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1. To continue trying to do or achieve something, especially after initial failures, challenges, or setbacks. Used especially in the phrase "stick at it." If you really want to become a comic book artist, you have to stick at it! You can't just give up after your first rejection. I'm really glad I stuck at this book—it was a bit arduous at times, but it was really interesting overall!
2. To do whatever it takes to accomplish a task or goal; to refuse to allow anything to impede one from doing or achieving something. Used exclusively in the phrase "stick at nothing." They made it clear that they would stick at nothing to recoup the cost of their investment. She's the type of woman who will stick at nothing to get what she wants from life.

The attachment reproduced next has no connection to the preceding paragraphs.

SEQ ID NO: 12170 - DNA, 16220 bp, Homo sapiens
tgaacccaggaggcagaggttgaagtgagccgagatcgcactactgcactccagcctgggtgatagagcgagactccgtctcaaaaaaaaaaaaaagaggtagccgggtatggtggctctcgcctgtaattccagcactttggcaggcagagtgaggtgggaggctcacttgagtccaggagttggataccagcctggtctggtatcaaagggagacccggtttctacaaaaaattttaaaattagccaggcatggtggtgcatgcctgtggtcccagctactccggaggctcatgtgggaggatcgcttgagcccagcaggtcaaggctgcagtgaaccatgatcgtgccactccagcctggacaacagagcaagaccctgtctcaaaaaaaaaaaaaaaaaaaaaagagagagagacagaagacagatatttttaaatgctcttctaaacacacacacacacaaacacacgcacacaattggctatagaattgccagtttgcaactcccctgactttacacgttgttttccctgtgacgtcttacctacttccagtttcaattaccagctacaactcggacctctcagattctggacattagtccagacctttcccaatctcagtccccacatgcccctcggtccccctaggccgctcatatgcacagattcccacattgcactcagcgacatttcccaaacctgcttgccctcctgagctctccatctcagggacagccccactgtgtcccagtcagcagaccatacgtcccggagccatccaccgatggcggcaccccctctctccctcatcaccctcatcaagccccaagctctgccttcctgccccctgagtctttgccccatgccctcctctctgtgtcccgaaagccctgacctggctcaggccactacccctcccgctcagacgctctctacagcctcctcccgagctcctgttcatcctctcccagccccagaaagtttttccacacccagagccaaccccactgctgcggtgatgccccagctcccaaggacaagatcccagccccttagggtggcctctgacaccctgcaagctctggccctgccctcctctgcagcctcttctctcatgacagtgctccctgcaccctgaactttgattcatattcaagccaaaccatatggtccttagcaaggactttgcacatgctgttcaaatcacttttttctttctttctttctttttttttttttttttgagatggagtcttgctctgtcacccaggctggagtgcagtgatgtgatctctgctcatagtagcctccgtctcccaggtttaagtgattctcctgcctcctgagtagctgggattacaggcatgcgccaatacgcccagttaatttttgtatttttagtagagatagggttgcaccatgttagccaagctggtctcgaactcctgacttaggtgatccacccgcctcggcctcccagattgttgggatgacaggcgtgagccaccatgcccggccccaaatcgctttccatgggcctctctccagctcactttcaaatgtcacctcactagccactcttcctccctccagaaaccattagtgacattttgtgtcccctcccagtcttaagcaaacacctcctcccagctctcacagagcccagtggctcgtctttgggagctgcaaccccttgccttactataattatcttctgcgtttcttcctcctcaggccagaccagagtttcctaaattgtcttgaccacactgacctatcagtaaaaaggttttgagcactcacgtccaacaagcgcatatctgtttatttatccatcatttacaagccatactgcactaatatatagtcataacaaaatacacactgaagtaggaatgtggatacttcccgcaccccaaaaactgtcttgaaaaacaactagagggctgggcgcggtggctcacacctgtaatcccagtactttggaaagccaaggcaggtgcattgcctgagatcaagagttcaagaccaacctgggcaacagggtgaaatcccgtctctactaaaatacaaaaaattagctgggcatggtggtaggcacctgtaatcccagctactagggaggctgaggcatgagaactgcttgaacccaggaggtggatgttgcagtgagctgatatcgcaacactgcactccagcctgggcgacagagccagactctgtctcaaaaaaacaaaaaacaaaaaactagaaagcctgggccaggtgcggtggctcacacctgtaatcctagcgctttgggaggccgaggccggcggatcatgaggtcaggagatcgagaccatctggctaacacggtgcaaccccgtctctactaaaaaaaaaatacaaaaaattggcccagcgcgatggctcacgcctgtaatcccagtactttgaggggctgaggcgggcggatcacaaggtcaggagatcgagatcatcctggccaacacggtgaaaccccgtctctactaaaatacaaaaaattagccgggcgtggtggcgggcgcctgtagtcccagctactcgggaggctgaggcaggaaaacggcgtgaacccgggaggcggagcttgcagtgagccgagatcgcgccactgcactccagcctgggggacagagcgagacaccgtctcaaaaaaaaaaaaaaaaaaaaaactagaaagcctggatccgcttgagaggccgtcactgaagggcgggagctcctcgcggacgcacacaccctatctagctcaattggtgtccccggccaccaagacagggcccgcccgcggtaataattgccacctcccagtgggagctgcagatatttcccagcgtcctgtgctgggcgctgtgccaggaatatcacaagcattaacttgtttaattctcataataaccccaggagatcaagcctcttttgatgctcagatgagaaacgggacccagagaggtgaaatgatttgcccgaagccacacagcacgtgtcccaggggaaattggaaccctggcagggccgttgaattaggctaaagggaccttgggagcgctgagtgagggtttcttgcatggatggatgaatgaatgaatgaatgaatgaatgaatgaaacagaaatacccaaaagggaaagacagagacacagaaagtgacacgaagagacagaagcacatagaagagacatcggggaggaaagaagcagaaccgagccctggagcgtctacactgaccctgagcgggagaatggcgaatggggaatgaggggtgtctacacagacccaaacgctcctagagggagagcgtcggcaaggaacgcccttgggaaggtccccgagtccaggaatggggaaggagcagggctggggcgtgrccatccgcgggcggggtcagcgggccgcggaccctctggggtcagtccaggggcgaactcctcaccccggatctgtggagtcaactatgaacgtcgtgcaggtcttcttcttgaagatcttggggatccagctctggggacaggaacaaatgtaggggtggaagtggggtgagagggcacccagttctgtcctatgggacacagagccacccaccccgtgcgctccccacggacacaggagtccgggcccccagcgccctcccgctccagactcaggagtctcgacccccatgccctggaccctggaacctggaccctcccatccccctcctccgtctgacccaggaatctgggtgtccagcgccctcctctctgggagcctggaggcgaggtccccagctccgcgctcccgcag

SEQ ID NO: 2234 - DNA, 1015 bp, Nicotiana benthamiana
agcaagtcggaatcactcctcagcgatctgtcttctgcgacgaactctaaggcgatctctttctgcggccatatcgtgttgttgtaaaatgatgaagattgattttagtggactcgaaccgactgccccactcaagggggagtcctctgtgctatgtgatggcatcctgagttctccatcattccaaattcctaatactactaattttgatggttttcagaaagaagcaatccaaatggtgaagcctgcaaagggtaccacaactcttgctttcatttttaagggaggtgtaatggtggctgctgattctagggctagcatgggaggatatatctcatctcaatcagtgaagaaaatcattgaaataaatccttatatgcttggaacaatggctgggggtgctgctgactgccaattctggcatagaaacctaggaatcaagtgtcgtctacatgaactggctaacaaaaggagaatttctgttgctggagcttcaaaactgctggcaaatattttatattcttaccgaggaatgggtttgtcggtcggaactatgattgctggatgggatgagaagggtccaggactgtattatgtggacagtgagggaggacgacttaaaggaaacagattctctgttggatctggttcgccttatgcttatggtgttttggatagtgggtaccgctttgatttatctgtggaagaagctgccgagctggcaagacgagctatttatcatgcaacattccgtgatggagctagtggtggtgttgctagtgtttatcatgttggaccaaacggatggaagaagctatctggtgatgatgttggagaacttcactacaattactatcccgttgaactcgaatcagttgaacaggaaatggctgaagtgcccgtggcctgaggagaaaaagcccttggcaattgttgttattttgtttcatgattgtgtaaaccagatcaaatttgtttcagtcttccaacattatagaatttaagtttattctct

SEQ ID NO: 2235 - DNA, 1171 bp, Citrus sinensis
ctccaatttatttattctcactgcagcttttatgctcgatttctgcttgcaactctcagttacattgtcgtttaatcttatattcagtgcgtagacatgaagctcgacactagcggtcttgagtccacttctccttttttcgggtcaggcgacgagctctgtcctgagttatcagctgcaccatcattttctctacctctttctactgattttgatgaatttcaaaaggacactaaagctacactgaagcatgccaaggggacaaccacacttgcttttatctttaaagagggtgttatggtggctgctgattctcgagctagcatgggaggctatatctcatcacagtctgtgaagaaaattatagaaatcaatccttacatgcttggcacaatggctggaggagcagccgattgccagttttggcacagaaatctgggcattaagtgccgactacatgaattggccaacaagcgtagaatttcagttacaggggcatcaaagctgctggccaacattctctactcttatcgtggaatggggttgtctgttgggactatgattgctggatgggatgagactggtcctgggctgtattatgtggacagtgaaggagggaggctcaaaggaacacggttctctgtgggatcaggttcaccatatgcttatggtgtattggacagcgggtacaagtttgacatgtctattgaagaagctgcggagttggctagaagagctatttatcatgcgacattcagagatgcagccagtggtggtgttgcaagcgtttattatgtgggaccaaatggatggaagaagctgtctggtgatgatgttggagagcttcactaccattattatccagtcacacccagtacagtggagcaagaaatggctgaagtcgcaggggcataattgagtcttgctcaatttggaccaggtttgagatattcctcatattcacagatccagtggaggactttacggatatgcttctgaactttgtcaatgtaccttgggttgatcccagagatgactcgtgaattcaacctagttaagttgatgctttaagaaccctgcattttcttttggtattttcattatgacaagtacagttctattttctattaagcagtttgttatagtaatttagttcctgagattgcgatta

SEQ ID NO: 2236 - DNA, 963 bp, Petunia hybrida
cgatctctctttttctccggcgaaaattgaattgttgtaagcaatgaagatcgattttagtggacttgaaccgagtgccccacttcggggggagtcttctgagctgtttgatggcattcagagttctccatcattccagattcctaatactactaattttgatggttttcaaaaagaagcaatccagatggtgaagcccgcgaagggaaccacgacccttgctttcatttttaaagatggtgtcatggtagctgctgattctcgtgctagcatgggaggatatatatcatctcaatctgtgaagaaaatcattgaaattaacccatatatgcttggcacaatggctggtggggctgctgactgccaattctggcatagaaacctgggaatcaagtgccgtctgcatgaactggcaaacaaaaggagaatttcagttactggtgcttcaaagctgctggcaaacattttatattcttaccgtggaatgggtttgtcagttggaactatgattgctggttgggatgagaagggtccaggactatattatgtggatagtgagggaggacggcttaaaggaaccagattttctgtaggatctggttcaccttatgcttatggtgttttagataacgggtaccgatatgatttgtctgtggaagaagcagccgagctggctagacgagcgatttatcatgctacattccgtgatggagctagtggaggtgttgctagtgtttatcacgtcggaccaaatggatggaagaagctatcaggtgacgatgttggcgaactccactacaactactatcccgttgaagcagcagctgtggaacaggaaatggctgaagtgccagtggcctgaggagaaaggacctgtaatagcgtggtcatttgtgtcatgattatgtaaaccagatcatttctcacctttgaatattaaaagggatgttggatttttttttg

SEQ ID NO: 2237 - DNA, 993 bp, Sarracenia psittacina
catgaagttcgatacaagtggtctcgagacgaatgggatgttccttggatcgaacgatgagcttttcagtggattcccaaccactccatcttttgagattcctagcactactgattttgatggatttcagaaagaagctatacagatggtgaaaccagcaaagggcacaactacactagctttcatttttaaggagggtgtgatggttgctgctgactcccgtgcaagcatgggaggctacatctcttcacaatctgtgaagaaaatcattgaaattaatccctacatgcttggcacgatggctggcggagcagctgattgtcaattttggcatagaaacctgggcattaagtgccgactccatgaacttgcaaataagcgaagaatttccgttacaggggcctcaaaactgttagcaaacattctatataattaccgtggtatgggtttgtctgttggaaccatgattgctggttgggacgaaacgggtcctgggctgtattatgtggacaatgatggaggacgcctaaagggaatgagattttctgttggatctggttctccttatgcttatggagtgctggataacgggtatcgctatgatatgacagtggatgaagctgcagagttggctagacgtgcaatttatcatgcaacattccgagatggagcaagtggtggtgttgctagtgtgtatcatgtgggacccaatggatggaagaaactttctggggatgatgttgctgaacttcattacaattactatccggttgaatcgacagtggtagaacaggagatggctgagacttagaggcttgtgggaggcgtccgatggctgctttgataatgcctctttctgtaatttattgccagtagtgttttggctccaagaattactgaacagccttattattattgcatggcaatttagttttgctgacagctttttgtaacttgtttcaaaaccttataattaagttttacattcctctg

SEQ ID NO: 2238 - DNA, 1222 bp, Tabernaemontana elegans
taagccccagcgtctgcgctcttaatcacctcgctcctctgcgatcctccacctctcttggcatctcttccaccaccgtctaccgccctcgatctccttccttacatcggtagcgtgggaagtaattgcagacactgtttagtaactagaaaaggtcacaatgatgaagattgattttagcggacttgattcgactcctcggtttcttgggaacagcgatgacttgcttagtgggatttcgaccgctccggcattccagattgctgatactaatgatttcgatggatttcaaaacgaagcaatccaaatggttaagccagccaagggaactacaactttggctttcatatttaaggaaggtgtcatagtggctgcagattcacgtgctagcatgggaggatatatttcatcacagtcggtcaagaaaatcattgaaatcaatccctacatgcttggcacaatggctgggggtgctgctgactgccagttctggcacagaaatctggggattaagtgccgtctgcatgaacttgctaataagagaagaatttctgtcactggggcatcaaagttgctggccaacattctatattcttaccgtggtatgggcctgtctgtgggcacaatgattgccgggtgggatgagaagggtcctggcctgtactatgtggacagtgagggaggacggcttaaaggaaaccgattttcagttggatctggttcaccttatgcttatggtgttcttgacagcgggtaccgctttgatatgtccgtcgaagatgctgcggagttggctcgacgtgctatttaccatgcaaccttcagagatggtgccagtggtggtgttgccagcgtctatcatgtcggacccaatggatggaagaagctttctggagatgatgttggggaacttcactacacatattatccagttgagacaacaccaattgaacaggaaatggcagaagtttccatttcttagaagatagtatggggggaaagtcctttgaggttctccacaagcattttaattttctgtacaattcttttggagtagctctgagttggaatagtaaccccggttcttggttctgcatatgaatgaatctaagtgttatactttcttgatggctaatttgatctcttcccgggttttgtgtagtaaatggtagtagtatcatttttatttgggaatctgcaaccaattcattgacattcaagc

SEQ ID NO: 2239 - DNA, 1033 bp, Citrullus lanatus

Farlex Dictionary of Idioms. © 2015 Farlex, Inc, all rights reserved.
stick at something
to keep trying to do something; to stay on a task or job. I hope he can stick at this job. He doesn't seem to be able to stick at anything for very long.
McGraw-Hill Dictionary of American Idioms and Phrasal Verbs. © 2002 by The McGraw-Hill Companies, Inc.
Scruple or hesitate, as in She sticks at nothing to gain her ends. This idiom, nearly always used in a negative context, was first recorded in 1525. Also see stop at nothing.
The American Heritage® Dictionary of Idioms by Christine Ammer. Copyright © 2003, 1997 by The Christine Ammer 1992 Trust. Published by Houghton Mifflin Harcourt Publishing Company. All rights reserved.